Battle of Midway: The end of Japanese supremacy in the Pacific

An important conflict during World War II and the Pacific War was the naval battle of Midway.

The United States achieved naval air superiority over Japan in the Pacific Ocean following the decisive Battle of Midway during World War II. The fighting occurred in the waters off the Midway Islands, to the northwest of the Hawaiian Islands, from June 3-7, 1942. The Japanese plan to encircle this atoll with an underwater barrage was thwarted by the American military, who achieved a major victory. This effectively ended any further maritime expansion by the imperial army, as the United States military effectively cut off their supply lines. As much as the Allied victory on the Russian front or in North Africa, the sinking of four aircraft carriers, three destroyers, and two hundred and sixty-one fighter planes at Midway shifted the balance of power in the war.

The Midway trap

After five months of defeats since Pearl Harbor, the Americans’ luck appeared to be changing with the paradoxical victory at the Battle of the Coral Sea in May 1942. Admiral Yamamoto, however, had not finished speaking, and he planned to trap the enemy carriers. Despite the setback at the Coral Sea for the operation against Australia and New Guinea, Admiral Yamamoto decided to maintain the initiative by preparing a new offensive. Although the primary goal was relatively unimportant, it was actually meant to lure the enemy fleet so that it could be destroyed.

Actually, Yamamoto had his sights set on Midway, a Pacific atoll that was far from everything and of little strategic interest, but a landing there would still force the Americans to react. The Japanese admiral expected the American fleet to be depleted since Pearl Harbor, but he also anticipated that after the loss of the Lexington in the Coral Sea, the United States would be compelled to commit its last remaining forces to this battle.

It was also decided to launch a parallel attack on the Aleutian Islands; if the goal was to confuse the Americans, this also had the disadvantage of complicating the Japanese plan and even dividing the forces for no real reason. This strategic flaw would prove to be a recurring theme for the Japanese throughout the war.

The American surprises

As a whole, the American fleet’s experience at the Battle of the Coral Sea was mixed. While they were successful in stopping the Japanese offensive on Australia, they also suffered heavy losses, including the destruction of the aircraft carrier Lexington and the severe damage sustained by the battleship Yorktown.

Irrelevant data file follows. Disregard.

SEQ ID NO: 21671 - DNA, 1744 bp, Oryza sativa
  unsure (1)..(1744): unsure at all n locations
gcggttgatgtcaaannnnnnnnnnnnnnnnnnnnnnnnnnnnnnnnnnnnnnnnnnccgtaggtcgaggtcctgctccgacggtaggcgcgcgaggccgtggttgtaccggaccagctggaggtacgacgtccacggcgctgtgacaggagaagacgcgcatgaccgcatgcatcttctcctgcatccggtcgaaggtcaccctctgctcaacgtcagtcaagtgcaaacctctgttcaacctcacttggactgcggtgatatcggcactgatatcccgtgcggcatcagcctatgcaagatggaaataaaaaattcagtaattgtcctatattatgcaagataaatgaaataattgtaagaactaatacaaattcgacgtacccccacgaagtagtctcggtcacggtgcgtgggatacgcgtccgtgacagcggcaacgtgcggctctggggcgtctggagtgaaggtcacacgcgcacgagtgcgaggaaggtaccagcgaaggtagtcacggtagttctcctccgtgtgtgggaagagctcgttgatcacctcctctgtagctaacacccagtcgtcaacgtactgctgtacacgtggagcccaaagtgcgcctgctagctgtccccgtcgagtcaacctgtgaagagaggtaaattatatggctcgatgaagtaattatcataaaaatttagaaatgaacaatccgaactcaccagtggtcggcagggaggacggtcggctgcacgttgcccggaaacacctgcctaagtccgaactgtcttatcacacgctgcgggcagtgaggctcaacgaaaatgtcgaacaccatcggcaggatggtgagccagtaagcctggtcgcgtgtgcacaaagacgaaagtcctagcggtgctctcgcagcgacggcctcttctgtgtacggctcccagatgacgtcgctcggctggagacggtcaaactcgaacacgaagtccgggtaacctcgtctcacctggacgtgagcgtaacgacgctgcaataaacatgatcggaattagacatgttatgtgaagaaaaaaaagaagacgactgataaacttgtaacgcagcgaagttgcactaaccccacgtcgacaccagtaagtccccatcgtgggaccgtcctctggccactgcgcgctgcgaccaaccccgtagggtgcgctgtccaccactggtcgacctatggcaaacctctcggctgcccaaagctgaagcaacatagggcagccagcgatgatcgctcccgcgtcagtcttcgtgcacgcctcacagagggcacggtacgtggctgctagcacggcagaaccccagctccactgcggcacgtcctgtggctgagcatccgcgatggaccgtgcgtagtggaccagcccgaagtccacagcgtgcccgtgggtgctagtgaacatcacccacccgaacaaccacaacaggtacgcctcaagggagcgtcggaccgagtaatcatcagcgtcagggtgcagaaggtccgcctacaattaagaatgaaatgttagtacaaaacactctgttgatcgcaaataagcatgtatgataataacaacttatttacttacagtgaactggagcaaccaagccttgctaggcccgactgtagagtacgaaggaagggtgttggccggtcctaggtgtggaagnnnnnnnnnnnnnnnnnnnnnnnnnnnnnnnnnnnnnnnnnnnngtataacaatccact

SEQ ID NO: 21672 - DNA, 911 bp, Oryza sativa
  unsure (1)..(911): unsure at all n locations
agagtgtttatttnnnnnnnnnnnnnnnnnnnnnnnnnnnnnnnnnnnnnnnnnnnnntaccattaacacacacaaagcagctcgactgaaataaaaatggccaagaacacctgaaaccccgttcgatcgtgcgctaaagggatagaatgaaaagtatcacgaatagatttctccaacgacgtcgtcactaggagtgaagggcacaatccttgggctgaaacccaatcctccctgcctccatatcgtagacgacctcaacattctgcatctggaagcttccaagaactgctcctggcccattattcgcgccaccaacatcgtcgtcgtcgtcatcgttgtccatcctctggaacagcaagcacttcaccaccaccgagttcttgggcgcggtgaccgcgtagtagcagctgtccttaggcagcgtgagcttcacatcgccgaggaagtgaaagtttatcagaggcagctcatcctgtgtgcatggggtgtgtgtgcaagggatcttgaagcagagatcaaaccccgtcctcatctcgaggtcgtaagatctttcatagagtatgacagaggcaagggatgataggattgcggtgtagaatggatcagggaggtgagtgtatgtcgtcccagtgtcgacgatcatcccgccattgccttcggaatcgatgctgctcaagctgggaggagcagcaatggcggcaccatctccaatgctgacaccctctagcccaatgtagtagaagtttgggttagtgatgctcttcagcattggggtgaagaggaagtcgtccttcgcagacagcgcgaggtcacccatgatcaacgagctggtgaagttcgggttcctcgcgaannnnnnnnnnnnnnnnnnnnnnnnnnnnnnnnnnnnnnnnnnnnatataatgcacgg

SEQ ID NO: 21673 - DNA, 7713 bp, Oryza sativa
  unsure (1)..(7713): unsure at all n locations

The intelligence services had made great strides since Pearl Harbor, and it appeared that they had identified the next enemy target by breaking the Japanese code: Midway. This was the first good news Admiral Nimitz received. While it may have appeared that the Yorktown (commanded by Fletcher) was in dry dock for weeks, its repairs were actually completed in record time thanks to Chester Nimitz’s orders to bring the carrier to Pearl Harbor.

The aircraft carriers Enterprise and Hornet (commanded by Spruance) should be able to get to the area quickly, so the Admiral had that going for him as well. The Japanese did not realize that the forces were even.

Beginnings of the Midway conflict

The Japanese were so intent on carrying out their complex plan that they failed to anticipate facing not one, not two, but three aircraft carriers; they had been led to believe that the Yorktown had been sunk in the Coral Sea. Worse, they had to make do without the Shokaku and the Zuikaku, both of which were damaged in this conflict. Consequently, Yamamoto “only” had four aircraft carriers—the Kaga, the Hiryu, the Akagi, and the Soryu—for the Midway attack. One thing to keep in mind was that they were all there when Pearl Harbor was bombed.

The majority of the Japanese fleet set sail for Midway and the Aleutians on May 26, 1941. They left Pearl Harbor the following day without the enemy knowing it, and the Japanese command thought the Enterprise and the Hornet were still operating in the Solomon Islands. The U.S. had won the intelligence war long ago.

On June 3, much to the shock of the Japanese, who had assumed they would not be attacked, the first contact was made when B-25s from Midway began bombing their island. The only thing that really got damaged was the Japanese pride after it became clear that the Americans hadn’t fallen for the Aleutian trap.

Raid on Midway and reconnaissance

Even so, Yamamoto continued to launch his assault. When he gave the order to invade the atoll on June 4, 1942, Nagumo was ready. The first attack ended at 7:10 a.m., and the Japanese pilots promptly requested another one. While passing through Midway, they ran into the American air force, which launched an unsuccessful attack on the Japanese fleet. The atoll-based air force did not cease to exist until 9 a.m. However, their efforts were not in vain, as the Japanese had already spotted the American fleet by the time the Midway raid took place, but were unable to attack it due to the destruction of their aircraft.

The reconnaissance ballet had been going on for hours. Disturbing and sometimes muddled messages were sent to Admiral Nagumo, one of which mentioned an American aircraft carrier being nearby. In the end, he decided to wait until the Midway raids were over before launching an attack, despite his initial reluctance. The Japanese mechanics were so confused that they had to switch the plane’s ammunition twice; once from torpedoes to bombs and once back again. A technical issue arose and all four Japanese aircraft carriers were in complete disarray. What the Japanese feared most came true: the Americans had also spotted them.